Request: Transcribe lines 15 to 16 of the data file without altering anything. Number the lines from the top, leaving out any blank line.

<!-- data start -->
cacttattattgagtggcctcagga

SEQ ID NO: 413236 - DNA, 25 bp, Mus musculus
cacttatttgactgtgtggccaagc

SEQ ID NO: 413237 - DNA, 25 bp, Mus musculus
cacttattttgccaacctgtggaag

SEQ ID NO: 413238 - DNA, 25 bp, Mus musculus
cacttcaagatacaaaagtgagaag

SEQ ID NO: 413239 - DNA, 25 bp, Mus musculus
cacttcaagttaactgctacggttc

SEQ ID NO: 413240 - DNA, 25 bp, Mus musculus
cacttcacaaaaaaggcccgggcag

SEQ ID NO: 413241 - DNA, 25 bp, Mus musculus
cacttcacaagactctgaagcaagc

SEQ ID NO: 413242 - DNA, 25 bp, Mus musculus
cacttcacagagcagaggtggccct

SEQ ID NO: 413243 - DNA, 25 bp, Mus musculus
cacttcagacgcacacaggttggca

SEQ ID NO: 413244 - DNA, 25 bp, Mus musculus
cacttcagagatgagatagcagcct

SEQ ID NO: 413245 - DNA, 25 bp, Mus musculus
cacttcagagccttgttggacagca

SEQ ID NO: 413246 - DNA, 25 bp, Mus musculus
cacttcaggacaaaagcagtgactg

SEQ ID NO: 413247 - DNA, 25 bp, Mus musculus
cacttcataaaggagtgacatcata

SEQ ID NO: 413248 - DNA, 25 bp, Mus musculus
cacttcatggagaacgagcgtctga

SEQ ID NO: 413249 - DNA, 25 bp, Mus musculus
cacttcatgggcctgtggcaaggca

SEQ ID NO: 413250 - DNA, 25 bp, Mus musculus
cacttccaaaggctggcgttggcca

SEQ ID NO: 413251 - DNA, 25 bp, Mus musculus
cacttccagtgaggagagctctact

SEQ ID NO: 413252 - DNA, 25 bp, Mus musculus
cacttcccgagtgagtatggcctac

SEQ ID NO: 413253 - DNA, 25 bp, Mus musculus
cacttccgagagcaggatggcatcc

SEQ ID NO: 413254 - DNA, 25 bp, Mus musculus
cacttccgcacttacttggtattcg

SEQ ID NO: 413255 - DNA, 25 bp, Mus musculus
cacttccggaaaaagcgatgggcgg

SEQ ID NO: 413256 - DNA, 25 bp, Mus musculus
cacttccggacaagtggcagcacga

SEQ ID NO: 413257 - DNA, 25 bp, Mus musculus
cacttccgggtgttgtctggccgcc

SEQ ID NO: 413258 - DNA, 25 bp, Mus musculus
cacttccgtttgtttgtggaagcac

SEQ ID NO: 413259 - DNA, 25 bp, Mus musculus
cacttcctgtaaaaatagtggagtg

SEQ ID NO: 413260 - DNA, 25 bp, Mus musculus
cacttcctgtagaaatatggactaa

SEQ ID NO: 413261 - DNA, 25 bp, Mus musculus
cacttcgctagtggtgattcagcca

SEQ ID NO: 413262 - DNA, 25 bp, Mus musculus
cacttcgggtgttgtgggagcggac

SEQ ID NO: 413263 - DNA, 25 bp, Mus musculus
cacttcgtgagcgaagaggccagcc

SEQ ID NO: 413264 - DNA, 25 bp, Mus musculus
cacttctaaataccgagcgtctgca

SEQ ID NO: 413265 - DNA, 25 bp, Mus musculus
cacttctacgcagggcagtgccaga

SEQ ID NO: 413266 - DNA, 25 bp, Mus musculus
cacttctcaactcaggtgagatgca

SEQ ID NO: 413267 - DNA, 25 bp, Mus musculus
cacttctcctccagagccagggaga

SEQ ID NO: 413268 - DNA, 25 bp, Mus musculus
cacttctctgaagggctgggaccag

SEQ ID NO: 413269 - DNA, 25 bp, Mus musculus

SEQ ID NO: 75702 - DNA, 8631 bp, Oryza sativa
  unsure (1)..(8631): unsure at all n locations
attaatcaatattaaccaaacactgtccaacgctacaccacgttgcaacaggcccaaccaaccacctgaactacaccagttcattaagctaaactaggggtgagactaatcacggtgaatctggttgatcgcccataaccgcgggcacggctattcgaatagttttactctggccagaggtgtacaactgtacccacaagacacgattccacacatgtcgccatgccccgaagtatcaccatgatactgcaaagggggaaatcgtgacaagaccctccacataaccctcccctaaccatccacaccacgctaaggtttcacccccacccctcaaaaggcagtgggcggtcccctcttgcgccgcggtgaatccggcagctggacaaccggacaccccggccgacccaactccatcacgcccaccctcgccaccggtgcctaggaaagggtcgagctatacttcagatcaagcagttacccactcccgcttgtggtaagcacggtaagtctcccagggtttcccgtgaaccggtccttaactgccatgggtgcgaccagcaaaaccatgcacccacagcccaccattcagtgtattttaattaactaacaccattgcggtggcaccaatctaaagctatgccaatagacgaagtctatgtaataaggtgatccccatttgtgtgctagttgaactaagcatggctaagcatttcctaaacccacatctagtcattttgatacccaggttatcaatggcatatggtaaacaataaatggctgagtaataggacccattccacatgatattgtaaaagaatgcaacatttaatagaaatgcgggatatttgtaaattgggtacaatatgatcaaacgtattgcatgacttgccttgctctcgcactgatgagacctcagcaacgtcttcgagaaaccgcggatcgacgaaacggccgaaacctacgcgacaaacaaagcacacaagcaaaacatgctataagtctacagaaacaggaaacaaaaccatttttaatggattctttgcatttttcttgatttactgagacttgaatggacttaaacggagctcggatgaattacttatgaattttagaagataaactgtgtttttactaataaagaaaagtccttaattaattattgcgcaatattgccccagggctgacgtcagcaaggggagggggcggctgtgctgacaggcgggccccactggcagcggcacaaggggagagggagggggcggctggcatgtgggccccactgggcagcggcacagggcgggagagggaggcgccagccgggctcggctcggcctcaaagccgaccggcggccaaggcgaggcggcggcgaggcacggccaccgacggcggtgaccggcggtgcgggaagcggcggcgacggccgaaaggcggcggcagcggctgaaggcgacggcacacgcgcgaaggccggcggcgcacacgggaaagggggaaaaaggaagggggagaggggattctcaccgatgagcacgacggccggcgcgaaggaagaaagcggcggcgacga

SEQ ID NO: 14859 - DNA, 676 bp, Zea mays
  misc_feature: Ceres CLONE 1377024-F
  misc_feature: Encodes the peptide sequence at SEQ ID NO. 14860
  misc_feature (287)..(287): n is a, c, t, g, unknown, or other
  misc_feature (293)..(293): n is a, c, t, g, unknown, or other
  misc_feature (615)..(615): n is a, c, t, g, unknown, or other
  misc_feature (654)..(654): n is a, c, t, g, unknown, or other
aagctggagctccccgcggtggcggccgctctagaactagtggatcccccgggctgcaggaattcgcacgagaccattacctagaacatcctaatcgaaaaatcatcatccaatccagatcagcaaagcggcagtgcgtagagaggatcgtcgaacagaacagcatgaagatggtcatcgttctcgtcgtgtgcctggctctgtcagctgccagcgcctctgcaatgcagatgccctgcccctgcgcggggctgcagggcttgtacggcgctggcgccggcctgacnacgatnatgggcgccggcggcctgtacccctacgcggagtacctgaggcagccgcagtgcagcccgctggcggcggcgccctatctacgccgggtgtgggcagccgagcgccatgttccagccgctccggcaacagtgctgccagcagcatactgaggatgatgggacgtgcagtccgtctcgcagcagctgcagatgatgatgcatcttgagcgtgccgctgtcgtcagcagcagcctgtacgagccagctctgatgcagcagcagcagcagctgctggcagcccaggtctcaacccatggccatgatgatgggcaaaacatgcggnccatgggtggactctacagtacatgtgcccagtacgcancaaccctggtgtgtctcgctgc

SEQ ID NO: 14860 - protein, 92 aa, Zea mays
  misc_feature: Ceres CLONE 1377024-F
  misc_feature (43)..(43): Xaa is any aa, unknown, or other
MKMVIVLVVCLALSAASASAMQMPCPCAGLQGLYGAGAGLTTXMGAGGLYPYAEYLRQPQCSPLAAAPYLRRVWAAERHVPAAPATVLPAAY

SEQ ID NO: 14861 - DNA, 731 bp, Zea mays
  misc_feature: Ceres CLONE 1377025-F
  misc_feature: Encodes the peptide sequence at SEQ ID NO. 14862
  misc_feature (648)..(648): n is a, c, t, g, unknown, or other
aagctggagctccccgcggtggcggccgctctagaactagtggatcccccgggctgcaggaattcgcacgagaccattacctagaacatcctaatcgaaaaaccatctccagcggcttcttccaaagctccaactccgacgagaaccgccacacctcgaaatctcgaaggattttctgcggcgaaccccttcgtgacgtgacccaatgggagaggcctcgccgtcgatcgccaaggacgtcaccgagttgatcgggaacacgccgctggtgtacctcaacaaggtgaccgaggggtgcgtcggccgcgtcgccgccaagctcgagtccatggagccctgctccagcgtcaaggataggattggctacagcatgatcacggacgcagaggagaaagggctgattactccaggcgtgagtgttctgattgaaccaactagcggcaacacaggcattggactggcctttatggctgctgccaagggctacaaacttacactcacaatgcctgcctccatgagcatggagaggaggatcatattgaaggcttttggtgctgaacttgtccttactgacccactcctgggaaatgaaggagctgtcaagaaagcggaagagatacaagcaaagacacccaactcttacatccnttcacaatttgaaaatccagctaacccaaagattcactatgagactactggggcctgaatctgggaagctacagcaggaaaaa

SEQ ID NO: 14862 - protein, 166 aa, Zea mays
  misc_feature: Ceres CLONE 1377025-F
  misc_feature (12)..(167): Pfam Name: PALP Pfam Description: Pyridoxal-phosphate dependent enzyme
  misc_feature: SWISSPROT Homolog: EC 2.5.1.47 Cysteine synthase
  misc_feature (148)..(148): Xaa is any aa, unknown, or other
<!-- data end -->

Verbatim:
cacttcacagagcagaggtggccct

SEQ ID NO: 413243 - DNA, 25 bp, Mus musculus